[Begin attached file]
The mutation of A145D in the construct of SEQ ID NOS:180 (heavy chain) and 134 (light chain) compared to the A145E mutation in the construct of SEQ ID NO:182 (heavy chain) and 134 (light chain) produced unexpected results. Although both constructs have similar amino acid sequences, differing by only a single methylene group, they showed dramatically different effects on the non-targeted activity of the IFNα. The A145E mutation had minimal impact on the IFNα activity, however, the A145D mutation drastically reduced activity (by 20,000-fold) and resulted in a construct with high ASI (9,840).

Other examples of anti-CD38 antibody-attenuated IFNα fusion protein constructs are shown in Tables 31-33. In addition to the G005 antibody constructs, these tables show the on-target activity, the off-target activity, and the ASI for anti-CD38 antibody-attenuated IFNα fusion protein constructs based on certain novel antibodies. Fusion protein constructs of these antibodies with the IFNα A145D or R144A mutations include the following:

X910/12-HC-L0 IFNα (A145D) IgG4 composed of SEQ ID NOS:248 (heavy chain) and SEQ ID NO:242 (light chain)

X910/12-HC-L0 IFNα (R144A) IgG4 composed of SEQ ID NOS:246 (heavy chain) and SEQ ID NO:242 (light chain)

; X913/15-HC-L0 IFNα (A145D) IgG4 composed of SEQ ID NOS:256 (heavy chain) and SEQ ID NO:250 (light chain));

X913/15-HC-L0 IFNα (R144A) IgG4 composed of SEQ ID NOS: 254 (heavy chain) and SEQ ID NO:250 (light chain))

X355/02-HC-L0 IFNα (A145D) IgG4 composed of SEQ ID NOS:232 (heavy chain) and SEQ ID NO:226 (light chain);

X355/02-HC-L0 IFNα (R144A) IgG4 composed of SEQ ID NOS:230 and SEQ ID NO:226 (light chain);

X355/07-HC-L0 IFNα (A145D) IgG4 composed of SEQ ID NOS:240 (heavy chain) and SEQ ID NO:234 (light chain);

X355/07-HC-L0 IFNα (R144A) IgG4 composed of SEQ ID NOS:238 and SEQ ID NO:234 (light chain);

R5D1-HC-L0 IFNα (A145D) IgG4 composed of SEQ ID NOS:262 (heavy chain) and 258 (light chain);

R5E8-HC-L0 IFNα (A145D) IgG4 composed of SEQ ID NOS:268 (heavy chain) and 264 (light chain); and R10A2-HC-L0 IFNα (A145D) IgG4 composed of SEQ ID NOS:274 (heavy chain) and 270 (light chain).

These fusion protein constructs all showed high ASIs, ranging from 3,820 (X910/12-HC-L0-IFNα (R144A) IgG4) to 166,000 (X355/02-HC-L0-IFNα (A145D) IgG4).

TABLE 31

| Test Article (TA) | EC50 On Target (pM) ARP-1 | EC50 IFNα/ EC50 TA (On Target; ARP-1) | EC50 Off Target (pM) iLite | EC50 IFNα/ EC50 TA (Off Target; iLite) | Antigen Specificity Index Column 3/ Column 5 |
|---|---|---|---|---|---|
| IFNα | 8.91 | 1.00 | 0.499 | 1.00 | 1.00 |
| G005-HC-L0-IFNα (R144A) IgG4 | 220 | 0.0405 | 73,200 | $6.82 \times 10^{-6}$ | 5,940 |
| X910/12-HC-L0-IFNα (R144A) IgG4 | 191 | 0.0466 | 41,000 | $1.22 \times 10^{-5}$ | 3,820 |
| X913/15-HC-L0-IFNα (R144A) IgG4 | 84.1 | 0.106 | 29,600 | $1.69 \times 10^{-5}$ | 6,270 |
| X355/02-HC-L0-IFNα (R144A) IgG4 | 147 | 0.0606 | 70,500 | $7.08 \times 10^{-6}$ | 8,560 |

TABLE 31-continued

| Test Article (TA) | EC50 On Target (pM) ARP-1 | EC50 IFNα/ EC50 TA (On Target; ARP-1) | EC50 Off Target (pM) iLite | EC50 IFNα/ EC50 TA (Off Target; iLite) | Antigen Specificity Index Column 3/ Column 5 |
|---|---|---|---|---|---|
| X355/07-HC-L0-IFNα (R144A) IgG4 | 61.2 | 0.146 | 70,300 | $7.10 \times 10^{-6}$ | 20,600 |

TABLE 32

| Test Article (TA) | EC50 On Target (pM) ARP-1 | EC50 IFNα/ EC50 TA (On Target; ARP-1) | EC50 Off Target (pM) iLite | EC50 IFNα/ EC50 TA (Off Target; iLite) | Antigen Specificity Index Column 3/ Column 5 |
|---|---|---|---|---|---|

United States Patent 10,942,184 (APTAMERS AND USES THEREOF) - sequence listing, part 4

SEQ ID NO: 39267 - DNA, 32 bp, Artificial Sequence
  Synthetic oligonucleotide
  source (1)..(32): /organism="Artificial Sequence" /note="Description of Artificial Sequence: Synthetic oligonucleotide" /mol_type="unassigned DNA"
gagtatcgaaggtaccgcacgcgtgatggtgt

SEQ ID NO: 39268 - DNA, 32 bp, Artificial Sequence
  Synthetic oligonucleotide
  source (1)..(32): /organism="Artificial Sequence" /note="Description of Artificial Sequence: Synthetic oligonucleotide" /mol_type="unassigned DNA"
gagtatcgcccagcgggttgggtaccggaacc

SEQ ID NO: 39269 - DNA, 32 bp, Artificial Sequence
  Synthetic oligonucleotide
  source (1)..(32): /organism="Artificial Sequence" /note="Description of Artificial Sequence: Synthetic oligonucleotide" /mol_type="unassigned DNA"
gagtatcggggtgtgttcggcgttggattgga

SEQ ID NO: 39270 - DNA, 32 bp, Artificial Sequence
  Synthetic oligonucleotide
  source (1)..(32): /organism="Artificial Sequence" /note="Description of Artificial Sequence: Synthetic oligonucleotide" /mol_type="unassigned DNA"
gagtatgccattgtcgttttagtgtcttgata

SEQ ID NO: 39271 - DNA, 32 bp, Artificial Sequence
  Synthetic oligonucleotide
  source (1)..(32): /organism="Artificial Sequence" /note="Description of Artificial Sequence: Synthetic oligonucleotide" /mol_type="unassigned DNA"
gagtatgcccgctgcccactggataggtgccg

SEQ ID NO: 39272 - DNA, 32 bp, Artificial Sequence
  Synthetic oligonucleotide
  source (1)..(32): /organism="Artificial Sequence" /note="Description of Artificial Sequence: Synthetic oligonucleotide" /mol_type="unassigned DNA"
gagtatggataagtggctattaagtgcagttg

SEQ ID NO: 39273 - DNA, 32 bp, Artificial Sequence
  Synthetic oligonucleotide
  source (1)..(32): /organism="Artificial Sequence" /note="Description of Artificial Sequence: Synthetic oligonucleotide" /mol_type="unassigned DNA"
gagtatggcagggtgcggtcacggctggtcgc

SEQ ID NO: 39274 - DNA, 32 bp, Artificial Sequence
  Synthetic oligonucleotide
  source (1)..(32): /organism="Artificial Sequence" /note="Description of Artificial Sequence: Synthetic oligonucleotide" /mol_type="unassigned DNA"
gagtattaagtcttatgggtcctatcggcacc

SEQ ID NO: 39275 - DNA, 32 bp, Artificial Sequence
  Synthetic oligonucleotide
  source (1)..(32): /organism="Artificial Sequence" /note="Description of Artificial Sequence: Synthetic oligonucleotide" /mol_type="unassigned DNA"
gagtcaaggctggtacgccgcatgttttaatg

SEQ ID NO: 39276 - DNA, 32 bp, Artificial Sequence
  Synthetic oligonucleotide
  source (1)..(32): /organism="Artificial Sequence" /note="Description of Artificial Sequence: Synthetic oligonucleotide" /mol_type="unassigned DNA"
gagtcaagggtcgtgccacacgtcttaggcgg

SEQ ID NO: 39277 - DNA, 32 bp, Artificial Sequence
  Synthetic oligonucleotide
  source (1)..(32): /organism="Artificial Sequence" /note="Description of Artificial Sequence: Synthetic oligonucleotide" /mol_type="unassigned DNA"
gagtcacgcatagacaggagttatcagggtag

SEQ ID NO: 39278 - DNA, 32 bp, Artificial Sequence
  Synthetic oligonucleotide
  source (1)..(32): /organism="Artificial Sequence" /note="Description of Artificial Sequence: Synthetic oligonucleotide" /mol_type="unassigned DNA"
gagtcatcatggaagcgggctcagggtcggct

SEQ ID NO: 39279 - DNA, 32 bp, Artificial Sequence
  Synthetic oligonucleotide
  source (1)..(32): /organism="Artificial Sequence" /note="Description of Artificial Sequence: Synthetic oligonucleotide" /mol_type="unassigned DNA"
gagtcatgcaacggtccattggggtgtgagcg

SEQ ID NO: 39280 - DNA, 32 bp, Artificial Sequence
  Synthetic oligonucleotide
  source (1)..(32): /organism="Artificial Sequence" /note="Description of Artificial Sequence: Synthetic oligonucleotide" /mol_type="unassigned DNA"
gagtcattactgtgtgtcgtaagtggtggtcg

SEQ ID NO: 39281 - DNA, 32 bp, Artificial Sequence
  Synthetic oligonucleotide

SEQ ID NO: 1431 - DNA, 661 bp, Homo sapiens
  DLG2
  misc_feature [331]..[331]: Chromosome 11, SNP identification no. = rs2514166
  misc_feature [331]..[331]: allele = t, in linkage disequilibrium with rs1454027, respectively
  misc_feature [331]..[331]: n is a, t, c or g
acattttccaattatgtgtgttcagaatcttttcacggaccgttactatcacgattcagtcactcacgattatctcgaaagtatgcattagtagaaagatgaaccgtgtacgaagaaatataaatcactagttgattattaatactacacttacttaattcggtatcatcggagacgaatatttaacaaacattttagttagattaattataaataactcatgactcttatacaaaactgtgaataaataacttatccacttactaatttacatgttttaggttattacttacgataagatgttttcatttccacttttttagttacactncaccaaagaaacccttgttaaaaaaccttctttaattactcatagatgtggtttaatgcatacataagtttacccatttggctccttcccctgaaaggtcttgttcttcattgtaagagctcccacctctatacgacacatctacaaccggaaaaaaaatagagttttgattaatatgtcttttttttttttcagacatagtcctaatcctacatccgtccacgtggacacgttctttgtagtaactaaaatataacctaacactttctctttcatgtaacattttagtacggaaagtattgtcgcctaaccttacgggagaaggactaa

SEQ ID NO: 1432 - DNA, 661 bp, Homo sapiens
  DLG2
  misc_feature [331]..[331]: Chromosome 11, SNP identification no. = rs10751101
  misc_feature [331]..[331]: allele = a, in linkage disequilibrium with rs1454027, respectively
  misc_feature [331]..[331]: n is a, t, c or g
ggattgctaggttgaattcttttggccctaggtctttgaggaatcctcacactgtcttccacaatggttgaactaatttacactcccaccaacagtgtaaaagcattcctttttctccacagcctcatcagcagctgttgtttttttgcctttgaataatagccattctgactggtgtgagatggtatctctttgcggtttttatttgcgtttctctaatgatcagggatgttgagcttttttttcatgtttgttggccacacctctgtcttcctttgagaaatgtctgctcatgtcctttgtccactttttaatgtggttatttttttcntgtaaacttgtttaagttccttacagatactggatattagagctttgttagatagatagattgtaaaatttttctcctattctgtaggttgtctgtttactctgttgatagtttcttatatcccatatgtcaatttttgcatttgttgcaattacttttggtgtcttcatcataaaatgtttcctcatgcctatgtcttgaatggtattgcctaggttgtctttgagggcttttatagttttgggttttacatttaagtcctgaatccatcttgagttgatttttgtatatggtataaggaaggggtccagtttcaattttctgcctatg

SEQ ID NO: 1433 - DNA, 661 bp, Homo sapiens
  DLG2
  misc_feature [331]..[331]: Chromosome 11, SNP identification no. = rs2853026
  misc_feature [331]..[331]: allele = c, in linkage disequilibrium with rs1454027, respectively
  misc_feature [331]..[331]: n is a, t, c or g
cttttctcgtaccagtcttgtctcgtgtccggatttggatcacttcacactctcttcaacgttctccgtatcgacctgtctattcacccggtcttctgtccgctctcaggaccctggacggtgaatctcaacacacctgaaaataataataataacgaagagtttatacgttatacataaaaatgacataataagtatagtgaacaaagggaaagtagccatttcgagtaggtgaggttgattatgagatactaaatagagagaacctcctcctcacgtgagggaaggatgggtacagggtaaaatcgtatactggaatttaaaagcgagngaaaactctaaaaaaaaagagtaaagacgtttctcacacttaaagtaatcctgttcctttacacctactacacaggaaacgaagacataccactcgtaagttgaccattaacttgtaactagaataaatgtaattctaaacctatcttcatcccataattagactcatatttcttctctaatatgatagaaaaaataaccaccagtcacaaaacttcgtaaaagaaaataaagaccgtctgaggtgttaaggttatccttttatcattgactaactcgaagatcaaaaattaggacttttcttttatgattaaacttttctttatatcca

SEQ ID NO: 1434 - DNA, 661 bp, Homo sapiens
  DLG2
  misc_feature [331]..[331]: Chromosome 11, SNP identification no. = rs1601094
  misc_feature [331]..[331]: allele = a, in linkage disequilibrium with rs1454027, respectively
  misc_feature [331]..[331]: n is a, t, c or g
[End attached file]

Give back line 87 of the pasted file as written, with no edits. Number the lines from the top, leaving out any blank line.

  Synthetic oligonucleotide